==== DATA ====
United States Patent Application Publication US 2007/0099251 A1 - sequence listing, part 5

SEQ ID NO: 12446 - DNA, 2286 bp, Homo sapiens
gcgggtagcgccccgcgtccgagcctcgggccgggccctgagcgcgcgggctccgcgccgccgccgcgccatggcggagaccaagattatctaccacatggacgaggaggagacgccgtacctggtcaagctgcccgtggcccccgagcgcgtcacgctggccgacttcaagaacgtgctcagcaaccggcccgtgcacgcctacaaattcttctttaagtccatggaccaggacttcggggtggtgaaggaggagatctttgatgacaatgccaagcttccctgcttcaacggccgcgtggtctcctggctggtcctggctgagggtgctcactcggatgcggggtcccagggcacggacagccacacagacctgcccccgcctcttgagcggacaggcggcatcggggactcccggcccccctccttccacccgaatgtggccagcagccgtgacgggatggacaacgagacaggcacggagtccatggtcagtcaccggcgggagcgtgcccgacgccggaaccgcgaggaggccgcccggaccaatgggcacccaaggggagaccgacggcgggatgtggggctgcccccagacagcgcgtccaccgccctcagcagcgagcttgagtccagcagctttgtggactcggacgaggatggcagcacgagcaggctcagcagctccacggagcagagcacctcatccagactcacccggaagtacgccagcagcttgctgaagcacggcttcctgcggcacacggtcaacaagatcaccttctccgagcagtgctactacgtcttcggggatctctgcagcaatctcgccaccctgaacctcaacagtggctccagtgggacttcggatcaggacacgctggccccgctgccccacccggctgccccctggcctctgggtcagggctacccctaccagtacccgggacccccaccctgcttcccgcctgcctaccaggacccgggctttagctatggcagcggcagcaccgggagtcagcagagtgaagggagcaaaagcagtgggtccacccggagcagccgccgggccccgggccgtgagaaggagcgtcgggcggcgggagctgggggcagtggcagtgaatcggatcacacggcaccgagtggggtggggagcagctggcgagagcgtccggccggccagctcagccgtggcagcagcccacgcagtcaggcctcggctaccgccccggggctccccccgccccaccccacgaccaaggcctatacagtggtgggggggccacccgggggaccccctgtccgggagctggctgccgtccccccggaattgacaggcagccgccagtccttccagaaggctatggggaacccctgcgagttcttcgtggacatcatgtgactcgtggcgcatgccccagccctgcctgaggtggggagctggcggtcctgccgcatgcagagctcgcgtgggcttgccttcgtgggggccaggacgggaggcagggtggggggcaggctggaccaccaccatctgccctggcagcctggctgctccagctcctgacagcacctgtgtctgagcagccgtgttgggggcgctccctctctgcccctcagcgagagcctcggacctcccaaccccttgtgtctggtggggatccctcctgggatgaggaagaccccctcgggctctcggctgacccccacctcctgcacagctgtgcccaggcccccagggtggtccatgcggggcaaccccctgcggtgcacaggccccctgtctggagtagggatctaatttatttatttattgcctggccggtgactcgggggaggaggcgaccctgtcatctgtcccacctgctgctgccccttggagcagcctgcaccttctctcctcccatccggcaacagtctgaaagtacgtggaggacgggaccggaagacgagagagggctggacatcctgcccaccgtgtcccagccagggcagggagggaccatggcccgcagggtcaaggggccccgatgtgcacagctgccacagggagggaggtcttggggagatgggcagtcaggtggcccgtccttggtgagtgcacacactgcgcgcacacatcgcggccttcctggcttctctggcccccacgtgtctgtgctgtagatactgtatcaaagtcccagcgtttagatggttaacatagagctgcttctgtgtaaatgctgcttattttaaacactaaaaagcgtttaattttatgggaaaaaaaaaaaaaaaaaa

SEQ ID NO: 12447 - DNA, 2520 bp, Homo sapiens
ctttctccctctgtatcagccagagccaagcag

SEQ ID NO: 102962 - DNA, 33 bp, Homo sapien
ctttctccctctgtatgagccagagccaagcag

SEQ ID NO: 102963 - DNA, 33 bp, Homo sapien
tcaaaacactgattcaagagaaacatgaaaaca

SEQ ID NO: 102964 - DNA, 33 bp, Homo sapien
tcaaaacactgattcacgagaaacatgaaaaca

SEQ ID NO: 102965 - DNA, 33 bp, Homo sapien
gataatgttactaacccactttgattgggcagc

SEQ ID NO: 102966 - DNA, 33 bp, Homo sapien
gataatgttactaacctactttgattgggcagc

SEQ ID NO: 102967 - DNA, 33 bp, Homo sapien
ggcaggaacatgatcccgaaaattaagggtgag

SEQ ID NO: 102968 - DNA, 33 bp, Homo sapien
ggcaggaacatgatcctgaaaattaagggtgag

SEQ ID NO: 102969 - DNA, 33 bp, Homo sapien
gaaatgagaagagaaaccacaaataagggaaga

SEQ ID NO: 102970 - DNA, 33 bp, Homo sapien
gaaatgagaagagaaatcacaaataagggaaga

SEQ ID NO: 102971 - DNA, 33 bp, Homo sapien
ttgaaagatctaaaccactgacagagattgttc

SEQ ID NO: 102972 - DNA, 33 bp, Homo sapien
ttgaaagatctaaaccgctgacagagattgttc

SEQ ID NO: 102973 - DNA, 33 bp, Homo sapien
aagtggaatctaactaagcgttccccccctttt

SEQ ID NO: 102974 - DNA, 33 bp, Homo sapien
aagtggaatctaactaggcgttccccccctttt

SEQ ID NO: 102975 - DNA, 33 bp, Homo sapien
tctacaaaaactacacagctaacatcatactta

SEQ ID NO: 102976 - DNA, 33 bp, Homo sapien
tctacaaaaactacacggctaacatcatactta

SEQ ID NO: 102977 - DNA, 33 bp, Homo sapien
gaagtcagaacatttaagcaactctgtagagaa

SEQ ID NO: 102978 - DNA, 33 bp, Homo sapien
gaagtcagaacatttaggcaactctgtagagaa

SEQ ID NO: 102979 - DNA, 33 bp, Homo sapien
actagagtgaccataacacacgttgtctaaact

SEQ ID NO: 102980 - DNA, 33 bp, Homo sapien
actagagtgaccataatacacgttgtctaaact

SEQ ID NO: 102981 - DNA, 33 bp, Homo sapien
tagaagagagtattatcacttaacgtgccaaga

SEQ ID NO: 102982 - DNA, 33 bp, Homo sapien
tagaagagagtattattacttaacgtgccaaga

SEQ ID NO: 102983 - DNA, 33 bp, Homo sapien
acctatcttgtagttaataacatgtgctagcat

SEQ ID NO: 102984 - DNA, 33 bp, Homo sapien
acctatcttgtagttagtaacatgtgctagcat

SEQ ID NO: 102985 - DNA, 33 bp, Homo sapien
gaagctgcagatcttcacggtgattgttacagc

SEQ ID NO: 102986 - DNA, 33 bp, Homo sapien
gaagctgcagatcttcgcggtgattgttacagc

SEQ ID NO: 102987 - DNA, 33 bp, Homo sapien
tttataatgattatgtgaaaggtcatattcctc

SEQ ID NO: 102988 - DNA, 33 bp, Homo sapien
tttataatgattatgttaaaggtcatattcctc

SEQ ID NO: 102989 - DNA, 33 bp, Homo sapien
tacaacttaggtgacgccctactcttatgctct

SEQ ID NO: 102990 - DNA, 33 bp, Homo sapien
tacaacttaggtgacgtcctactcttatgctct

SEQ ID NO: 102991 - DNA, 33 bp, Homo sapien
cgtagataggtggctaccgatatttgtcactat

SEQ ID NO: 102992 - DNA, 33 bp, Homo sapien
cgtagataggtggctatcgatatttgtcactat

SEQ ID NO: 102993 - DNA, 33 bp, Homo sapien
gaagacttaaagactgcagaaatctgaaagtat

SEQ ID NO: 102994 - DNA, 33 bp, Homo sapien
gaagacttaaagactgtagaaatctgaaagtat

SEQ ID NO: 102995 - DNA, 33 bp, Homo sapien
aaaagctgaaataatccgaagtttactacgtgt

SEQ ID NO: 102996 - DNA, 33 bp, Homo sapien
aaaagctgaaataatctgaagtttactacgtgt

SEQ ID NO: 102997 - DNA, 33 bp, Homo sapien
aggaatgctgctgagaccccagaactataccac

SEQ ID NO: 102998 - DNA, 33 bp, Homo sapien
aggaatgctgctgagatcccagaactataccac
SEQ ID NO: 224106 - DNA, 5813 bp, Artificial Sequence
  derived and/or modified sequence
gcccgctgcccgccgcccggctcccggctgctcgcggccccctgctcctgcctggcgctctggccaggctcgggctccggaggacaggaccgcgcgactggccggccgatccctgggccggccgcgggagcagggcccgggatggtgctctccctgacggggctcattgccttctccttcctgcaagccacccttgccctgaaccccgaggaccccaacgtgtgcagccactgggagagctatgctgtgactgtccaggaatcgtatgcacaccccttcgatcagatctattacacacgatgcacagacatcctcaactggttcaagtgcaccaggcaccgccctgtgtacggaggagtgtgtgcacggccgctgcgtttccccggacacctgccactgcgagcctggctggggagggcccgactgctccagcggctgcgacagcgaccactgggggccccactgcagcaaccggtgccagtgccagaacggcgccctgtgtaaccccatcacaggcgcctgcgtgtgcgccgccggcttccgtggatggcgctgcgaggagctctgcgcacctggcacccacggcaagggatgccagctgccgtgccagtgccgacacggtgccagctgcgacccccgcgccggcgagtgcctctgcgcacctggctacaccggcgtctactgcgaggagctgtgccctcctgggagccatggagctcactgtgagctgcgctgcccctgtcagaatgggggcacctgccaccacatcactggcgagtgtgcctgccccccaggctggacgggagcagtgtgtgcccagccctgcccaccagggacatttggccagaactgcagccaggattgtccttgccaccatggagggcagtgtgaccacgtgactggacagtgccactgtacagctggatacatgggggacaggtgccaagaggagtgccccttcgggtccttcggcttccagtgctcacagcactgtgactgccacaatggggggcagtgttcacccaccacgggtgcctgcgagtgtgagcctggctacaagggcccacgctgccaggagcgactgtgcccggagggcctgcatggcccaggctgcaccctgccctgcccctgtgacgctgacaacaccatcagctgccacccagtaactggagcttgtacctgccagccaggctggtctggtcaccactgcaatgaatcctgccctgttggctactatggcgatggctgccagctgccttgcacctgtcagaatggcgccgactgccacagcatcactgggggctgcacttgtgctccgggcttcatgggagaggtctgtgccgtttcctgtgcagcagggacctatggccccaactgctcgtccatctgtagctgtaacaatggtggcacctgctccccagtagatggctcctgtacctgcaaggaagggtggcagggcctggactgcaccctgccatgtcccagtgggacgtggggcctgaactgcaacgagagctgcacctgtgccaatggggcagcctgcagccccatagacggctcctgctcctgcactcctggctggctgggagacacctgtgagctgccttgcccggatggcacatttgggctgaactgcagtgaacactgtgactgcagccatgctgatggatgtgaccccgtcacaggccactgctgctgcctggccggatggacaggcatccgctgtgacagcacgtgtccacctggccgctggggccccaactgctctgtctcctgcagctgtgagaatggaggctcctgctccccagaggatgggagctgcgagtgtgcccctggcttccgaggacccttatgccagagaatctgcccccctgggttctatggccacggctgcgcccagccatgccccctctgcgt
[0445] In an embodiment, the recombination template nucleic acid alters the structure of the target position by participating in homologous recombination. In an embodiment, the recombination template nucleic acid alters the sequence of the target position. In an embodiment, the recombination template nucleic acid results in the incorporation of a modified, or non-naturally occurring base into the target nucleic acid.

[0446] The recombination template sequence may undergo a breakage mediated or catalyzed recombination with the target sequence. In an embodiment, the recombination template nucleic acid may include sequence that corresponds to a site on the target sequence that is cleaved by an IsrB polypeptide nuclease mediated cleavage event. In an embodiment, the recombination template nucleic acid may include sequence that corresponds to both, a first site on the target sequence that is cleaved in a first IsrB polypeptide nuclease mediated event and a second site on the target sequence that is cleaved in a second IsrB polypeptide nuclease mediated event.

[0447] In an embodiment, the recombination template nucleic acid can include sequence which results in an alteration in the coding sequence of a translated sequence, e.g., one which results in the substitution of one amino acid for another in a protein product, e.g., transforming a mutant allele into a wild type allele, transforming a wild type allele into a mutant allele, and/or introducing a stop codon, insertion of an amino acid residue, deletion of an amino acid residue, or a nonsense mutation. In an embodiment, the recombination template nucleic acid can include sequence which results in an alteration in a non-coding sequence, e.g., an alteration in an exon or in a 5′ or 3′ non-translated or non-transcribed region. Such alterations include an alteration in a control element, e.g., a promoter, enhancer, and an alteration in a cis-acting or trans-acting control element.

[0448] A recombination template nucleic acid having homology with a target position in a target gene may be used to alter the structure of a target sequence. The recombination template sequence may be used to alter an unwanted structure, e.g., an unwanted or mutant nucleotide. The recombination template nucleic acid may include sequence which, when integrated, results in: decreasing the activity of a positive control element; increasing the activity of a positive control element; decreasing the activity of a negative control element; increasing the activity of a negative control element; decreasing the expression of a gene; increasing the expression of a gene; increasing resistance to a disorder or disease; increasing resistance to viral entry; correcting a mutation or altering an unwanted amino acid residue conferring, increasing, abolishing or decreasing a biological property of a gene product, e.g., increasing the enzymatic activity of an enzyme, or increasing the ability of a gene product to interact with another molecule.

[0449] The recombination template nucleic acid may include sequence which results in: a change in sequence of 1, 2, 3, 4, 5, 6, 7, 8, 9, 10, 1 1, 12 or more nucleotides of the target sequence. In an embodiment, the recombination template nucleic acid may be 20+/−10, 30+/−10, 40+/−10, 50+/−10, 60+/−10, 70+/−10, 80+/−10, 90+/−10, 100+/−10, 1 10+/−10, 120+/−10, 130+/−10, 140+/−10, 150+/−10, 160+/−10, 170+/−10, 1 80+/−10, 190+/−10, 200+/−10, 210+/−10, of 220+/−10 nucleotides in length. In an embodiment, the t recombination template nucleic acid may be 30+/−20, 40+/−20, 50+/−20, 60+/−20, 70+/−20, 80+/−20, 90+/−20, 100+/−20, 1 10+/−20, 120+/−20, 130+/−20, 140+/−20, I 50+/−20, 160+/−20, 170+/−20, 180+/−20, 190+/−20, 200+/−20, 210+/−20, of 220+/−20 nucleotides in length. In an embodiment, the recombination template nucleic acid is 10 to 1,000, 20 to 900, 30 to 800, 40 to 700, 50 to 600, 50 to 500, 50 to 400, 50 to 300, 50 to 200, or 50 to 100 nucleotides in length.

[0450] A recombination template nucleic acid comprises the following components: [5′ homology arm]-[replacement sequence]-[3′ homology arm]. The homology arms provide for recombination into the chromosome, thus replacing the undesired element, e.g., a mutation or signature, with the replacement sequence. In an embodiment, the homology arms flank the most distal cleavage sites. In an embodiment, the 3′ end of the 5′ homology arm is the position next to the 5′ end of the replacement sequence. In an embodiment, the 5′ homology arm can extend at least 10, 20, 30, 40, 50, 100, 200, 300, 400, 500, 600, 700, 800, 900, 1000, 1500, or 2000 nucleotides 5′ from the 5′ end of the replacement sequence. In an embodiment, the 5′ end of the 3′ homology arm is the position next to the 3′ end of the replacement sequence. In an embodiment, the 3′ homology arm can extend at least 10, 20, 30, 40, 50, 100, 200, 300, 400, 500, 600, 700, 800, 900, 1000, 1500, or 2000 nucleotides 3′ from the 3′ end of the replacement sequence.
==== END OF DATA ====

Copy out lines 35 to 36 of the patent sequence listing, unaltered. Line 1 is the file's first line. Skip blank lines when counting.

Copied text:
tctacaaaaactacacggctaacatcatactta

SEQ ID NO: 102977 - DNA, 33 bp, Homo sapien